(b) J. B. Watson

(c) B. F. Skinner

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(d) Albert Bandura

2. Who claimed that learning has two basic sources – “response consequences” and “modelling”?

(a) B. F. Skinner

(b) Albert Bandura

(c) J. B. Watson

(d) William James

3. Albert Bandura viewed that learning is not limited to response consequence, but most of our learning is acquired through:

(a) Trial and Error

(b) Conditioning

(c) Identification

(d) Modelling

4. Any reinforcement obtained through direct experience is known as:

(a) Vicarious Reinforcement

(b) External Reinforcement

(c) Self-produced reinforcement

(d) Partial Reinforcement

5. Learning through observation of conse­quences of others behaviour is called:

(a) Viscarious experience

(b) Objective experience

(c) Subjective experience

(d) Self-produced experience

6. Gestalt Psychology is a German school foun­ded by:

(a) R. H. Wheeler

(b) Max Wertheimer

(c) Wolfgang Kohler

(d) Kurt Lewin

7. Experiments on apparent movement served the basis for the foundation of:

(a) Behaviourism

(b) Structuralism

(c) Gestalt Psychology

(d) Psychoanalysis

8. The word “configuration” has been frequently used as the nearest translation of:

(a) Person

(b) Movere

(c) Gestalt

(d) Psycho

9. The problem of how various elements are organized into wholes was the central theme for:

(a) Behaviourism

(b) Functionalism

(c) Structuralism

(d) Gestalt Psychology

10. Who developed the concept of creative synthesis which, in fact, recognized the difference between wholes and sum of their parts?

(a) E. B. Titchener

(b) Wilhelm Wundt

(c) J. B. Watson

(d) Immanuel Kant

11. The concept of “Mental Chemistry” was developed by:

(a) John Stuart Mill

(b) J. B. Watson

(c) E. B. Titchener

(d) William James

12. Research works on the concept of “Figure and Ground” were mainly advanced by:

(a) Kohler

(b) Rubin

(c) Koffka

(d) Wertheimer

13. An instrument which allows still pictures to be exposed alternatively in such a way that we perceive motion in pictures is called:

(a) Microscope

(b) Stroboscope

(c) Tachitoscope

(d) Barometer

14. In the year 1910, a psychologist was travelling from Vienna to Germany in train for a holiday. He left his train at Frankfurt and stopped at a place to purchase a toy stroboscope. With the help of stroboscope, he made several observations and finally concluded that what we perceive did not necessarily conform to what was really found in the environment. This idea was perhaps the starting point of Gestalt Psychology. Who was the psychologist?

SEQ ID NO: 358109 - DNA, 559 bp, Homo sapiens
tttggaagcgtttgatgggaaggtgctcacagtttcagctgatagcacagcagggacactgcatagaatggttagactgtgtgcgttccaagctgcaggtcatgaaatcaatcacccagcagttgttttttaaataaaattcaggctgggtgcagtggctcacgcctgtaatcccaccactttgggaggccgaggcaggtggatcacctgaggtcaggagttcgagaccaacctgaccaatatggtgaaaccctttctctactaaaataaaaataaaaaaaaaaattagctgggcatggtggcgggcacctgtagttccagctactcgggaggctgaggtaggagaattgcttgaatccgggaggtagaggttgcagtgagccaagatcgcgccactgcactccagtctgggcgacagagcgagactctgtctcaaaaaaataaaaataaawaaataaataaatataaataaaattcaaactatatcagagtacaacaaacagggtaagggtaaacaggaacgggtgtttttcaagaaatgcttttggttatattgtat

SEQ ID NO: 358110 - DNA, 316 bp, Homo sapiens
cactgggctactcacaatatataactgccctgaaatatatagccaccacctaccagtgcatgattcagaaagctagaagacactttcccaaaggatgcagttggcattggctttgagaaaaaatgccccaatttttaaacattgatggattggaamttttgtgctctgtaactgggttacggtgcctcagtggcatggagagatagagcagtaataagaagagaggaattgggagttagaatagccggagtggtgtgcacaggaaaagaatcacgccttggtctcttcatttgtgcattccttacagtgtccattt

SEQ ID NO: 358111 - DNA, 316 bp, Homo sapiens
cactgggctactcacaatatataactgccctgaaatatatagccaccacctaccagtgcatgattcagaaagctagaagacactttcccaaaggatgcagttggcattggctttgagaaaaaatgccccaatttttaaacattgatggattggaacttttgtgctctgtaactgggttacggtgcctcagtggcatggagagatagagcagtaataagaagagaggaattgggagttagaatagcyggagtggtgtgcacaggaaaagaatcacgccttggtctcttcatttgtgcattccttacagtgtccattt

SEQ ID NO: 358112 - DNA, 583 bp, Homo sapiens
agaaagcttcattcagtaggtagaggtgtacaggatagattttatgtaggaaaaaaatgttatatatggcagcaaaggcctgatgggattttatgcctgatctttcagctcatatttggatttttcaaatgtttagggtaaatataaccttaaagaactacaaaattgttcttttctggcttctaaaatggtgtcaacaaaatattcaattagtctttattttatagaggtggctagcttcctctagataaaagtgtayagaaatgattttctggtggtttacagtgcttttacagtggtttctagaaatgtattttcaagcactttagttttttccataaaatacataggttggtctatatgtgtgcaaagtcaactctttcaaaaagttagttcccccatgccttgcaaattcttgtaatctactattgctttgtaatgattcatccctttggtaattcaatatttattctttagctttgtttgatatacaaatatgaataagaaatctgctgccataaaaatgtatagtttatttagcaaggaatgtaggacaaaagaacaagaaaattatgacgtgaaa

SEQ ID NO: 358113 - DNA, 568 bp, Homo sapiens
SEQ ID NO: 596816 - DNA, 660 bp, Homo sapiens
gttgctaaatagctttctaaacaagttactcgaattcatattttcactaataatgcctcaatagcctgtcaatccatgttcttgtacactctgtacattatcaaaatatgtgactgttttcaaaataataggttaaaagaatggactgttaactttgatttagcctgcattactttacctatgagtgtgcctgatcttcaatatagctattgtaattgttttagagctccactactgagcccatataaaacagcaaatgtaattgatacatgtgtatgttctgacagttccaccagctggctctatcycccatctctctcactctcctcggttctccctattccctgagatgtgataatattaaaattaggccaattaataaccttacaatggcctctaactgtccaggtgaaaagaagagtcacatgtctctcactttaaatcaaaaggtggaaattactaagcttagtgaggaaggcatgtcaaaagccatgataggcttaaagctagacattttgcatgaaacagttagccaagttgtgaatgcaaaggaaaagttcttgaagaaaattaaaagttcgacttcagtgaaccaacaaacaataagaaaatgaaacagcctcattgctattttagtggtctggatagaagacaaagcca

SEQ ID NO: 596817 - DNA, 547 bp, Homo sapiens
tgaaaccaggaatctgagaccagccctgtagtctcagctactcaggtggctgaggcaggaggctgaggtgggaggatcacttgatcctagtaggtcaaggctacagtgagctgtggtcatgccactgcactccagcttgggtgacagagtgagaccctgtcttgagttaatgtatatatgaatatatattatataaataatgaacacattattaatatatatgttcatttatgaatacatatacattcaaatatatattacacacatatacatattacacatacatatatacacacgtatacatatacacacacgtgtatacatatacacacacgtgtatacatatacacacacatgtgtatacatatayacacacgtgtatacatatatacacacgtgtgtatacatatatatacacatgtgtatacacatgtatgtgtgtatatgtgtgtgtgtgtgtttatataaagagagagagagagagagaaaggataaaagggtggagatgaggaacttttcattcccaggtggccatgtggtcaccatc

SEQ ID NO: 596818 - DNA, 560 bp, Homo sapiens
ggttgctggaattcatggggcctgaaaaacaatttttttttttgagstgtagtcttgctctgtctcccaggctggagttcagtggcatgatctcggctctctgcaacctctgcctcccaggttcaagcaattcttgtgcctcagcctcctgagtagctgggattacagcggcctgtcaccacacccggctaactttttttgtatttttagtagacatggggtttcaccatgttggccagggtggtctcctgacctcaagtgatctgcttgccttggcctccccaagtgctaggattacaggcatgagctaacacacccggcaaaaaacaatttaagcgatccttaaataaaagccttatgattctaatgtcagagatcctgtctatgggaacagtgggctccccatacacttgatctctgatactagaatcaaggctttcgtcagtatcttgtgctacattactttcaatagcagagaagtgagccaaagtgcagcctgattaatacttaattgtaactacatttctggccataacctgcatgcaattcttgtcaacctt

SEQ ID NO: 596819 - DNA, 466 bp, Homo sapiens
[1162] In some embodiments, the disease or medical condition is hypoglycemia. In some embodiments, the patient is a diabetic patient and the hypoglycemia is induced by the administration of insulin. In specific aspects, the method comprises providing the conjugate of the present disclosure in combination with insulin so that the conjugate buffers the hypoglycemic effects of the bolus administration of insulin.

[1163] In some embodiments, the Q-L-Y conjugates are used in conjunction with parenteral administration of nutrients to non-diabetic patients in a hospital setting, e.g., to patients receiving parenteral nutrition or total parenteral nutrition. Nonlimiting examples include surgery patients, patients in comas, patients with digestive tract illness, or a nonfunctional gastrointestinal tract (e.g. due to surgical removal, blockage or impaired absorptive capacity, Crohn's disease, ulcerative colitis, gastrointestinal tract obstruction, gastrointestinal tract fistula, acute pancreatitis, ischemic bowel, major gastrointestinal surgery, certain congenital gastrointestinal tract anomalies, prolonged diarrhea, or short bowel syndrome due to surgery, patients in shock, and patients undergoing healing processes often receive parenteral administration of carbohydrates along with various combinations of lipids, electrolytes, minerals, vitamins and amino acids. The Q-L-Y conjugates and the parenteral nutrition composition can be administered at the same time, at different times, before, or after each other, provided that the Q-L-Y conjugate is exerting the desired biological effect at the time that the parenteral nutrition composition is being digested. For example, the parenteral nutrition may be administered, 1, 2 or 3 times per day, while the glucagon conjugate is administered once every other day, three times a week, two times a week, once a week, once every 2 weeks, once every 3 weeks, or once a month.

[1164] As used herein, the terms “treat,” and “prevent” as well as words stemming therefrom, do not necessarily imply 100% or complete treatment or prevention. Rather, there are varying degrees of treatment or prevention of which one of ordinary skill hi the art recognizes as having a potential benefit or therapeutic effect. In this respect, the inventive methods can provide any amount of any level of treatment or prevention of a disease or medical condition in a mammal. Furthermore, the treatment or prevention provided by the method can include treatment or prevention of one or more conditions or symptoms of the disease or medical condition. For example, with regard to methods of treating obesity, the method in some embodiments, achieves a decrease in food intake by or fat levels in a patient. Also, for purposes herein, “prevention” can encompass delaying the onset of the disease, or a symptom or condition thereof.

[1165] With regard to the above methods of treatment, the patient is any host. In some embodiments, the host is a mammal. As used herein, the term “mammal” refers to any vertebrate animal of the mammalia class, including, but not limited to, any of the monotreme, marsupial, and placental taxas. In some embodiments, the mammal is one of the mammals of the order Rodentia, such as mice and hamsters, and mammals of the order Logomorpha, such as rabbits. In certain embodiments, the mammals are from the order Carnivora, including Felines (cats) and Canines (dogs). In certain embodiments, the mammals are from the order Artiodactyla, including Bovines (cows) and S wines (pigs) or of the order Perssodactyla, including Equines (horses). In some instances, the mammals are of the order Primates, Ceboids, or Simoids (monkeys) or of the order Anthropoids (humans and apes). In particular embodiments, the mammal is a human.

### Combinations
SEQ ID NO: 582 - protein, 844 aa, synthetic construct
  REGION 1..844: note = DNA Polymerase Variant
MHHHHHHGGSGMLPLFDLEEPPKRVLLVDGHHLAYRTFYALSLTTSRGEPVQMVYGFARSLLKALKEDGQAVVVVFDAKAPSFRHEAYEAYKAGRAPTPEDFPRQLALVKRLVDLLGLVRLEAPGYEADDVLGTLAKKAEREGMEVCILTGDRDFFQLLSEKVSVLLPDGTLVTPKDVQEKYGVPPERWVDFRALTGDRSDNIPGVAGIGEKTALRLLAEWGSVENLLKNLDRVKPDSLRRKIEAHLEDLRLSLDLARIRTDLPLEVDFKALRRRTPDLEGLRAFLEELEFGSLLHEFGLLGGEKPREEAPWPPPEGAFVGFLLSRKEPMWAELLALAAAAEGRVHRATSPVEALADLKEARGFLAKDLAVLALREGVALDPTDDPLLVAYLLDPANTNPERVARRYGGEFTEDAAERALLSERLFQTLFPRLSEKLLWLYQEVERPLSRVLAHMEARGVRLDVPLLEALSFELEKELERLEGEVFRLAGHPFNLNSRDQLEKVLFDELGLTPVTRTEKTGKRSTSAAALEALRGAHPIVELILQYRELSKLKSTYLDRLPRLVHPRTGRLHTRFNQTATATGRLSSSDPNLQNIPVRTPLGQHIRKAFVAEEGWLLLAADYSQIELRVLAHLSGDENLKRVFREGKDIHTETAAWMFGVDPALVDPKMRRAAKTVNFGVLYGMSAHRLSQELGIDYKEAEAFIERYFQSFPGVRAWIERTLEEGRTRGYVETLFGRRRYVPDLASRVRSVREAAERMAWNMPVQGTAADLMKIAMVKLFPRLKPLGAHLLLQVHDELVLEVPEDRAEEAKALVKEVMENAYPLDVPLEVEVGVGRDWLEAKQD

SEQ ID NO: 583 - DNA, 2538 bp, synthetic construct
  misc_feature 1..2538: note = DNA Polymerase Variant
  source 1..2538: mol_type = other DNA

(a) Max Wertheimer

(b) Wolfgang Kohler

(c) KurtKoffka

(d) Ernst Mach

15. Max Wertheimer has conducted a series of experiments to provide a scientific explana­tion of:

(a) Latent Learning

(b) Apparent movement

(c) Abnormal forgetting

(d) Personality

16. The results of Wertheimer’s experiments on perception were published in 1912 and the illusion of the apparent movement came to be known as:

(a) Phi-phenomenon

(b) Hallucination

(c) Delusion

(d) Conversion

17. Who has done his research works on apes in the island of Tenerife?

(a) Wolfgang Kohler

(b) KurtKoffka

(c) J. B. Watson

(d) Max Wertheimer

18. Who has written the book “The Mentality of Apes”?

(a) J.B. Watson

(b) KurtKoffka

(c) Wolfgang Kohler

(d) Max Wertheimer

19. Gestalists believe that there is one to one relationship between physical events and psychological events. This is known as:

(a) Constancy hypothesis

(b) Associationism

(c) Isomorphism

(d) Phiphenomenon

20. Gestalt Psychologist’s concept “Constancy hypothesis” is somewhat similar to the structuralist concept:

(a) Doctrine of psychophysical parallelism

(b) Self-observation

(c) Retrospection

(d) Tridimensional theory of feeling

21. The various bonds of association utilized by Structuralists as well as E. L. Throndike were referred to as “Bundle Hypothesis” by:

(a) Max Wertheimer

(b) Kurt Lewin

(c) Wolfgang Kohler

(d) J.B. Watson

22. The theme of bundle hypothesis was that the experience was a composition of:

(a) Elements

(b) Ideas

(c) Images

(d) Illusions

23. For Gestalt Psychologists, psychology was the study of both:

(a) Mind and Soul

(b) Conscious and Behaviour

(c) Mind and Experience

(d) Experience and Soul

24. Which principle of Gestalists incorporated a patterning of cohesive and restraining forces that presented a picture in the brain like a map of things that was perceived?

(a) Isomorphism

(b) Phiphenomenon

(c) Insight

(d) Constancy Hypothesis

25. The Gestalt psychology is well-known for its contribution in the field of:

(a) Memory

(b) Perception

(c) Personality

(d) Intelligence

26. A Chinese sage in 700 B.C. had expressed the view that some of parts was different from the wholes. Who was he?

(a) Mao-Tung

(b) Lao-Tse

(c) Leo-Te

(d) Teng-Tse

27. Those objects which are similar to their structure tend to be perceived as organized together or into whole. This is known as the principle of:

(a) Proximity

(b) Similarity

(c) Closure

(d) Figure and Ground

28. The principle of continuity is otherwise known as:

(a) Principle of closure

(b) Principle of direction

(c) Principle of similarity

(d) Principle of proximity

29. When certain part of the perceptual object is left out, we have a tendency to fill the gap and perceive accordingly by making the Gestalt complete. This is known as the Principle of:

(a) Similarity

(b) Closure

(c) Proximity

(d) Continuity

30. The principle of pragnaz is otherwise known as the principle of:

(a) Good form

(b) Closure

(c) Similarity

(d) Proximity

31. One principle of perceptual organization states that any perception tends to organize itself into a figure that stands out upon a certain background. What is it?

(a) Figure and Ground

(b) Proximity

(c) Similarity

(d) Continuity

32. One Gestalt phenomenon indicates that the perceived objects tend to remain constant in size even when they are viewed from varying distances. What is it?

(a) Object constancy

(b) Figure and Ground

(c) Continuity

(d) Field Dynamics

33. A piece of coal kept in shadow and in sun will be perceived as coal although the level of reflection of brightness in sun is greater than the level of reflection of brightness in room. This is called:

(a) Size constancy

(b) Brightness constancy

(c) Phi-phenomenon

(d) Delusion

34. A man seen from 5 metre distance or from 15 metre distance will be perceived of the some size. This illustrates: